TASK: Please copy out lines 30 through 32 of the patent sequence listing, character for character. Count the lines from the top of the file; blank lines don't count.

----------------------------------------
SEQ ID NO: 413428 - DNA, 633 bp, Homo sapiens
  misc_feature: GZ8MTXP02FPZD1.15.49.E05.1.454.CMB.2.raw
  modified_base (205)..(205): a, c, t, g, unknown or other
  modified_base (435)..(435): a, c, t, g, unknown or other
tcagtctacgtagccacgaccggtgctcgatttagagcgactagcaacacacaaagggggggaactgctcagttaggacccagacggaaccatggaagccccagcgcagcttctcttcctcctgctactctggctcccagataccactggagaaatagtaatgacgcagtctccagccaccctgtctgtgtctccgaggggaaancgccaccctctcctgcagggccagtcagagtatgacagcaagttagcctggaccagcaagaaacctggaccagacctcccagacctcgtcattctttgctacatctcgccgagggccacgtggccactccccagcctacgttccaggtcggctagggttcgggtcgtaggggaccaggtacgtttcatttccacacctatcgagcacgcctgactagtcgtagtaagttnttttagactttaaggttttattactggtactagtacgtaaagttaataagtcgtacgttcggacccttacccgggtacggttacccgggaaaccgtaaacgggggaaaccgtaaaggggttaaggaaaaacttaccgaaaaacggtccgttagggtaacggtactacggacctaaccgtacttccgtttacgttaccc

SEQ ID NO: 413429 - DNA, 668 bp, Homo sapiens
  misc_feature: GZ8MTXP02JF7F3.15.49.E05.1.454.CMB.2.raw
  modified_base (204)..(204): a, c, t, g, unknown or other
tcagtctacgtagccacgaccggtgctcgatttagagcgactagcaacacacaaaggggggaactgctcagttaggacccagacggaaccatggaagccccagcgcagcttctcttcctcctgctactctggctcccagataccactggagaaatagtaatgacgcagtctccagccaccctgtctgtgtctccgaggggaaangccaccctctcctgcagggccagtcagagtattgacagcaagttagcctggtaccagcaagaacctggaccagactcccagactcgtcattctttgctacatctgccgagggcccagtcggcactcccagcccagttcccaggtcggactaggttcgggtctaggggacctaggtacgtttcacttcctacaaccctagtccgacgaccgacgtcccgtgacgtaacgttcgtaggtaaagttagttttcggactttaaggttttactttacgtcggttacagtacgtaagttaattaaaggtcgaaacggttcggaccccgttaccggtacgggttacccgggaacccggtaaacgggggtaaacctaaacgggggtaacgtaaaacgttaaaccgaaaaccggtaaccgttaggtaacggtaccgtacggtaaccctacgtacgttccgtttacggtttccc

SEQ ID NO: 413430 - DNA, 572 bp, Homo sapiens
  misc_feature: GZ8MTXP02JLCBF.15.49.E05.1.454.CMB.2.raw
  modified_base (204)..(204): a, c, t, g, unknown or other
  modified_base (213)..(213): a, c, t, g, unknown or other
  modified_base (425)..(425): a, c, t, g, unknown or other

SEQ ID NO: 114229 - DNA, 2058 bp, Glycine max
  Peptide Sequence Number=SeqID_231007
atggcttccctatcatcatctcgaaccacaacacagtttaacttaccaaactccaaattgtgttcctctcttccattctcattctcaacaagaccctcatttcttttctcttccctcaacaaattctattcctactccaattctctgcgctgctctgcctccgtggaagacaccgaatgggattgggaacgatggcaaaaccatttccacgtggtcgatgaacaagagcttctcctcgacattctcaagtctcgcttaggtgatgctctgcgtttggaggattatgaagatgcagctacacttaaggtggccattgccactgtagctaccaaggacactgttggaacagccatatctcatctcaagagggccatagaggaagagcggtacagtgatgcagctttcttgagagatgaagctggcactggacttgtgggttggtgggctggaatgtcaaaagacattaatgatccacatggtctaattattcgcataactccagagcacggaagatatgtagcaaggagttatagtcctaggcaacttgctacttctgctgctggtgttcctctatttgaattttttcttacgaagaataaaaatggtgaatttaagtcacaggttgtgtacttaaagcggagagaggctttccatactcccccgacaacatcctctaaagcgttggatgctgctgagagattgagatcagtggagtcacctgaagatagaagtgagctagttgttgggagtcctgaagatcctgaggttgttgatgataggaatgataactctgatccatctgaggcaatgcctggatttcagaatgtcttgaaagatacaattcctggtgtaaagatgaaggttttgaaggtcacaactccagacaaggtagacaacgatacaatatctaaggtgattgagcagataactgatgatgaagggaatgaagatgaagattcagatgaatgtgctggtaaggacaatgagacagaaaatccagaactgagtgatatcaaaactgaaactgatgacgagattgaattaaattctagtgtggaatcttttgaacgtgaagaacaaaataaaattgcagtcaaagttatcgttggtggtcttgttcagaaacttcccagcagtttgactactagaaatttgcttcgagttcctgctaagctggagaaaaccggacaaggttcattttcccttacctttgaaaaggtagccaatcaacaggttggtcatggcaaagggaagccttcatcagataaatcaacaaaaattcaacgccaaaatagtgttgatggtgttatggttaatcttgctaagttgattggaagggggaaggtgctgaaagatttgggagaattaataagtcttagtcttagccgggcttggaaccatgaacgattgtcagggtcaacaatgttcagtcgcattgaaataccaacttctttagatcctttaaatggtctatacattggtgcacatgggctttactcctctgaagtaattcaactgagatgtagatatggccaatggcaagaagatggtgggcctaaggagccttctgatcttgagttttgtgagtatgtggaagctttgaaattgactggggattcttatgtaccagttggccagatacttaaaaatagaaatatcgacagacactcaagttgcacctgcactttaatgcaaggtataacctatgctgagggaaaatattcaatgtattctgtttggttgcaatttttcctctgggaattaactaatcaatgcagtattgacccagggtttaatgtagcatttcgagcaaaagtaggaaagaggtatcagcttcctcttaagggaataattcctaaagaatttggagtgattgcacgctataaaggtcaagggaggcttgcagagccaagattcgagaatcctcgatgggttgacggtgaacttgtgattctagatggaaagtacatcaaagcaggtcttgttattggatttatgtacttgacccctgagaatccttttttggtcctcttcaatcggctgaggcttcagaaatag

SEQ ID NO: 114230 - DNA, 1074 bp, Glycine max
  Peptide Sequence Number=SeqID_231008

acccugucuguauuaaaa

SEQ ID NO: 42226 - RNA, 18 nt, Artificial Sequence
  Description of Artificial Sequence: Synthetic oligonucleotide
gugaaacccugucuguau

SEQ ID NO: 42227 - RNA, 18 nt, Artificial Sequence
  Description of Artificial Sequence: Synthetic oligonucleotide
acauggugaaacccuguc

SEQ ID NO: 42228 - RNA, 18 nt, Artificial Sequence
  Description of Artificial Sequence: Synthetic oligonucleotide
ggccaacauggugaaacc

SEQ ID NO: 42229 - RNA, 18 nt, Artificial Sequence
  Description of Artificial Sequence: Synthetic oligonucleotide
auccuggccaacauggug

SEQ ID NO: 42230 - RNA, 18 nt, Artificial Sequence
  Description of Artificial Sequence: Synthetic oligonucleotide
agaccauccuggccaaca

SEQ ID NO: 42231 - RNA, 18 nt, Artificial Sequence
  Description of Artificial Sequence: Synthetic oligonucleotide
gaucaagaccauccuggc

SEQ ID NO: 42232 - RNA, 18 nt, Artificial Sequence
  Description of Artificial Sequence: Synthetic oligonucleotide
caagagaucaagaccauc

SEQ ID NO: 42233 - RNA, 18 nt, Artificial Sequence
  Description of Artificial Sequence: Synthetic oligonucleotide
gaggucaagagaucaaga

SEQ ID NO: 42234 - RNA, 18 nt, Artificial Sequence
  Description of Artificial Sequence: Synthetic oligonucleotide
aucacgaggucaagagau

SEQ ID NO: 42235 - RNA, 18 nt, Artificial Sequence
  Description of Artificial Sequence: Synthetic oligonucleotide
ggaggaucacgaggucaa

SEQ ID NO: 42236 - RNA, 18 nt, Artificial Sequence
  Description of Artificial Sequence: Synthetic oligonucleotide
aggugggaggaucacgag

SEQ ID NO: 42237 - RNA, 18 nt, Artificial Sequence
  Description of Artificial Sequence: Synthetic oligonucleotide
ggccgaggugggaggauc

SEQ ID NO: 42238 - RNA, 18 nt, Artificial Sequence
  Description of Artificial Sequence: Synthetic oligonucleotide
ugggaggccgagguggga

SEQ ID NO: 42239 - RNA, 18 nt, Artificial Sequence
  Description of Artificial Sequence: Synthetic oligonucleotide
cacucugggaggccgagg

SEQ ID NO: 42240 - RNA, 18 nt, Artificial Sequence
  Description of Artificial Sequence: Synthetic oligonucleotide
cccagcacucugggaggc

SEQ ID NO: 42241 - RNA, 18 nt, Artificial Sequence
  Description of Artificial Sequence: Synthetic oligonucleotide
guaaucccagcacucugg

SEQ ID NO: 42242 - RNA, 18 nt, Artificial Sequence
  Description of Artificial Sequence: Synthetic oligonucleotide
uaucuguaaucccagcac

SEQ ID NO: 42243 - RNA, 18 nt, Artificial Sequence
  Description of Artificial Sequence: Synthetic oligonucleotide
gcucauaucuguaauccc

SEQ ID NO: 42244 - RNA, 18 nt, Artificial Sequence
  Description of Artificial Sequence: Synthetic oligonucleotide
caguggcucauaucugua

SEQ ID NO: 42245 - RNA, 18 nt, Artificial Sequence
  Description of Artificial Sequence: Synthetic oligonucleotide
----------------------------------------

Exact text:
SEQ ID NO: 42229 - RNA, 18 nt, Artificial Sequence
  Description of Artificial Sequence: Synthetic oligonucleotide
auccuggccaacauggug